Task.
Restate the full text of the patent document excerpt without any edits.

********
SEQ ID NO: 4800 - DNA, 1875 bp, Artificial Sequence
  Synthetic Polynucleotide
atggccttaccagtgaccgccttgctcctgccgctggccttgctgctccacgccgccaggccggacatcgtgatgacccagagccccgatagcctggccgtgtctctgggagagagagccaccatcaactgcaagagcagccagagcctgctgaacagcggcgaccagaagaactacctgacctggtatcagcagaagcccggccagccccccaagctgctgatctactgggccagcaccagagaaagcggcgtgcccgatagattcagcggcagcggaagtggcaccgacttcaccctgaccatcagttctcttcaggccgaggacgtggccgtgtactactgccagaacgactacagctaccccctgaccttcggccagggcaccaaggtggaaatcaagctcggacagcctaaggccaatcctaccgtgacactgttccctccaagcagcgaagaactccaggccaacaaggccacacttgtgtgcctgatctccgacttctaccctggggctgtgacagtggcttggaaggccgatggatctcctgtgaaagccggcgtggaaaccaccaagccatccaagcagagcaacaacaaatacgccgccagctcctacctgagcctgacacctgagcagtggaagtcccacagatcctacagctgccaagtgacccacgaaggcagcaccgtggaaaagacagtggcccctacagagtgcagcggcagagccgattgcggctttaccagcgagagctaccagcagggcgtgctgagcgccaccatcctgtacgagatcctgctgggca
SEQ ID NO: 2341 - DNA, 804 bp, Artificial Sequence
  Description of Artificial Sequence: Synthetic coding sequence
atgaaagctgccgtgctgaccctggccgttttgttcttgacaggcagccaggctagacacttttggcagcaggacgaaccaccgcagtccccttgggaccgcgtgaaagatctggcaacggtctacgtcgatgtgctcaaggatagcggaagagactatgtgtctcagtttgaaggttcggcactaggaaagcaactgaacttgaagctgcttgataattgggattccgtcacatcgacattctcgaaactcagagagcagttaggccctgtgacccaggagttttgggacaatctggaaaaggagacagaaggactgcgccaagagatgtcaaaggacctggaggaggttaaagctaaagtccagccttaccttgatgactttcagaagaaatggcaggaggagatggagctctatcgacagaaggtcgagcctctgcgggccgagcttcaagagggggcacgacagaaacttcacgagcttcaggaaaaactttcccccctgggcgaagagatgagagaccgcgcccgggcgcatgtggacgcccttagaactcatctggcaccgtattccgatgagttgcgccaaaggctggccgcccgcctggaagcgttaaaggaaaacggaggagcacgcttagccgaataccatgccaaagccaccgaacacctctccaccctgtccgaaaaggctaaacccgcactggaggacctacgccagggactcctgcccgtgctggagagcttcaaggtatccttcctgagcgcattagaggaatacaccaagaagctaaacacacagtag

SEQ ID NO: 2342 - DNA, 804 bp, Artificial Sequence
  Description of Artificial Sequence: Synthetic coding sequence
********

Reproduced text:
SEQ ID NO: 4800 - DNA, 1875 bp, Artificial Sequence
  Synthetic Polynucleotide
atggccttaccagtgaccgccttgctcctgccgctggccttgctgctccacgccgccaggccggacatcgtgatgacccagagccccgatagcctggccgtgtctctgggagagagagccaccatcaactgcaagagcagccagagcctgctgaacagcggcgaccagaagaactacctgacctggtatcagcagaagcccggccagccccccaagctgctgatctactgggccagcaccagagaaagcggcgtgcccgatagattcagcggcagcggaagtggcaccgacttcaccctgaccatcagttctcttcaggccgaggacgtggccgtgtactactgccagaacgactacagctaccccctgaccttcggccagggcaccaaggtggaaatcaagctcggacagcctaaggccaatcctaccgtgacactgttccctccaagcagcgaagaactccaggccaacaaggccacacttgtgtgcctgatctccgacttctaccctggggctgtgacagtggcttggaaggccgatggatctcctgtgaaagccggcgtggaaaccaccaagccatccaagcagagcaacaacaaatacgccgccagctcctacctgagcctgacacctgagcagtggaagtcccacagatcctacagctgccaagtgacccacgaaggcagcaccgtggaaaagacagtggcccctacagagtgcagcggcagagccgattgcggctttaccagcgagagctaccagcagggcgtgctgagcgccaccatcctgtacgagatcctgctgggca
SEQ ID NO: 2341 - DNA, 804 bp, Artificial Sequence
  Description of Artificial Sequence: Synthetic coding sequence
atgaaagctgccgtgctgaccctggccgttttgttcttgacaggcagccaggctagacacttttggcagcaggacgaaccaccgcagtccccttgggaccgcgtgaaagatctggcaacggtctacgtcgatgtgctcaaggatagcggaagagactatgtgtctcagtttgaaggttcggcactaggaaagcaactgaacttgaagctgcttgataattgggattccgtcacatcgacattctcgaaactcagagagcagttaggccctgtgacccaggagttttgggacaatctggaaaaggagacagaaggactgcgccaagagatgtcaaaggacctggaggaggttaaagctaaagtccagccttaccttgatgactttcagaagaaatggcaggaggagatggagctctatcgacagaaggtcgagcctctgcgggccgagcttcaagagggggcacgacagaaacttcacgagcttcaggaaaaactttcccccctgggcgaagagatgagagaccgcgcccgggcgcatgtggacgcccttagaactcatctggcaccgtattccgatgagttgcgccaaaggctggccgcccgcctggaagcgttaaaggaaaacggaggagcacgcttagccgaataccatgccaaagccaccgaacacctctccaccctgtccgaaaaggctaaacccgcactggaggacctacgccagggactcctgcccgtgctggagagcttcaaggtatccttcctgagcgcattagaggaatacaccaagaagctaaacacacagtag

SEQ ID NO: 2342 - DNA, 804 bp, Artificial Sequence
  Description of Artificial Sequence: Synthetic coding sequence